Modigliani is best known for his portraits of Jeanne and his art dealer’s companion Hanka Zborowska. In 2010 La Belle Romaine sold at auction for more than $68.9m.

This work appeals to me. Modigliani's simple composition, subdued colour use, dark backgrounds which make the skin tones glow.
































Week 5
4 February

AM session



Argh! Why oh why oh why did I do solid black around this pose. It completely kills the colour, makes it look bad. I think it needed a dark background, but not black. The figure itself I'm pretty proud of. Used mosstly fingers, not brushes. This is the most difficult pose I've done so far. The hands together on the lap with one leg raised was tricky, but I used the lessons of negative space etc helped with this.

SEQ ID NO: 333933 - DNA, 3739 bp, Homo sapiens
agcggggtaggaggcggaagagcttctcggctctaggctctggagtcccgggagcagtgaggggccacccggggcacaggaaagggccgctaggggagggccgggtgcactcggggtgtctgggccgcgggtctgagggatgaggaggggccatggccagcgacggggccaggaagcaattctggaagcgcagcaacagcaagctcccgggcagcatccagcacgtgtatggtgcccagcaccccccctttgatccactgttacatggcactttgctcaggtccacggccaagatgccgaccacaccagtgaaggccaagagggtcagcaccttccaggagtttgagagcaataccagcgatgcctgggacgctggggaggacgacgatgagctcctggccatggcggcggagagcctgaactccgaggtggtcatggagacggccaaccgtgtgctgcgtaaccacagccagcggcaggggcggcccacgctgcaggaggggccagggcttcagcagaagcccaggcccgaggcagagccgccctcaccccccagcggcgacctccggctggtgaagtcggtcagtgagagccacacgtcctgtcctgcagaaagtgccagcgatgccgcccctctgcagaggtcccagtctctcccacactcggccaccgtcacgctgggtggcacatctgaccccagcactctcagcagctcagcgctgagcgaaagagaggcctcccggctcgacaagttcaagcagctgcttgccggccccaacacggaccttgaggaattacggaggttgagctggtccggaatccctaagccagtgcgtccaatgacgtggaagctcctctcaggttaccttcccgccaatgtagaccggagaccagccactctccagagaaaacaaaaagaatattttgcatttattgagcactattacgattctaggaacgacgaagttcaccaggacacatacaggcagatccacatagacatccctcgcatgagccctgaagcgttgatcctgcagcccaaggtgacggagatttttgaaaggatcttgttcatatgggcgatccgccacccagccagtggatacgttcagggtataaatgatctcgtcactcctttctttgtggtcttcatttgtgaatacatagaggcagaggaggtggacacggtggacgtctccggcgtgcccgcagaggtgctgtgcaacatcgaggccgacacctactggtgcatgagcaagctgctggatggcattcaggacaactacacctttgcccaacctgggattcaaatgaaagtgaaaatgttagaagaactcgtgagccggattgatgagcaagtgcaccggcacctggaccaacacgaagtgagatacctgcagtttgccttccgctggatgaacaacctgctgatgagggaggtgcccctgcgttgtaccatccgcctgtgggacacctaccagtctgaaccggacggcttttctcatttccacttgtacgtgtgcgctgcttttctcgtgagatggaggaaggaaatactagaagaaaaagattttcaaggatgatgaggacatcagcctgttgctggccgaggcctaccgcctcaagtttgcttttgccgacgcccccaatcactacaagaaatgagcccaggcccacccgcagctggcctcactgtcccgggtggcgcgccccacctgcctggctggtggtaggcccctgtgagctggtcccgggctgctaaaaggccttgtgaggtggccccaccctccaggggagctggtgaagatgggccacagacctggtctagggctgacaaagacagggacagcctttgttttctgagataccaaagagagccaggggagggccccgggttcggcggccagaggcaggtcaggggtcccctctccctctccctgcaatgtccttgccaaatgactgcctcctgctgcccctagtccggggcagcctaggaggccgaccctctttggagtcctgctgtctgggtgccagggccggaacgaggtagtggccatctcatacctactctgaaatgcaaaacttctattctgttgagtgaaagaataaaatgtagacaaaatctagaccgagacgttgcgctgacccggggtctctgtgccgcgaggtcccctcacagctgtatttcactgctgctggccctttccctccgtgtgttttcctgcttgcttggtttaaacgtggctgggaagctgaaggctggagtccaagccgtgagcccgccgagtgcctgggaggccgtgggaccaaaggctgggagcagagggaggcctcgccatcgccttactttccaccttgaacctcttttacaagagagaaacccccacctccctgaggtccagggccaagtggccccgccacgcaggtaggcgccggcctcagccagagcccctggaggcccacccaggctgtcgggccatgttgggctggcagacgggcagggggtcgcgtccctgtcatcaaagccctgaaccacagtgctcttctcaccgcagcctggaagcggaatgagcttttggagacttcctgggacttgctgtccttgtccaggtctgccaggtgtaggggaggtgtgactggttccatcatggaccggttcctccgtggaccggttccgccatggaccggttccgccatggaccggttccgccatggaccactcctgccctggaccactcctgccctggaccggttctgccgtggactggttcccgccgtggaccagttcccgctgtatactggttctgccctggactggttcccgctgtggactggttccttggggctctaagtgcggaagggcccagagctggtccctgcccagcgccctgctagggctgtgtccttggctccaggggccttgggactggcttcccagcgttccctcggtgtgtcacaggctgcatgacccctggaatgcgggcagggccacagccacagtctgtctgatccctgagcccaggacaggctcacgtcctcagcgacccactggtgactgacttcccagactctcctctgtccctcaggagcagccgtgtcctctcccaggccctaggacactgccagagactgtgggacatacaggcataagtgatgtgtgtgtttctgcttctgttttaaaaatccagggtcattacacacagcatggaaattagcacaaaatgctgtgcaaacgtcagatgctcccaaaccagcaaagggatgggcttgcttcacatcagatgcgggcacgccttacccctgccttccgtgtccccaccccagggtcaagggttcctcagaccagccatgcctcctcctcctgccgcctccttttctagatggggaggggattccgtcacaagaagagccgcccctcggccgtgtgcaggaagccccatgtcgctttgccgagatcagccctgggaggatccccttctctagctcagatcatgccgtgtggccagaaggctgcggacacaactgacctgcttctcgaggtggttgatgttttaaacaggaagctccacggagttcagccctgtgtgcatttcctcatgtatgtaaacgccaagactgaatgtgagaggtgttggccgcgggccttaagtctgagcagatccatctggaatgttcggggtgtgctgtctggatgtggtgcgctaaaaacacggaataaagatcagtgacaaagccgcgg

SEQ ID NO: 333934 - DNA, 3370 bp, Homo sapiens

PM Session




In the afternoon, Jon set us the task to only use red, green, blue and white on our palette and to only mix new colours on the paper. Again I used my fingers for this. Really tricky, but made me think. Short poses and Jon encouraged us to just go for it, rather than endless measuring. Whilst these are not fabulous, I'm quite pleased with the  general proportions of the figures. I think these show that my drawing has developed a little since the start of term.

Week 6
11 February

Bit of self reflection and realisation. I am a textures girl. I like to feel the paper and the paint under my fingers. When I pick up a brush I suddenly feel clumsy. Am sure this is down to confidence and technique, but an interesting observation about self. Is the same in textiles. I did some printing, and whilst the results were ok, I just wasn't excited about it. I also like to move around when I'm painting. This penny dropped after a life drawing session at home with my friend Luisa. I need to be standing up and able to move - not sat wedged behind a sofa with my knees near my chest.



Dave laying down this week so another new challenge. Both about one hour poses. Not a bad effort for a first time out. I like the chest and stomach. I used my fingers again, but did some of the detail with a brush.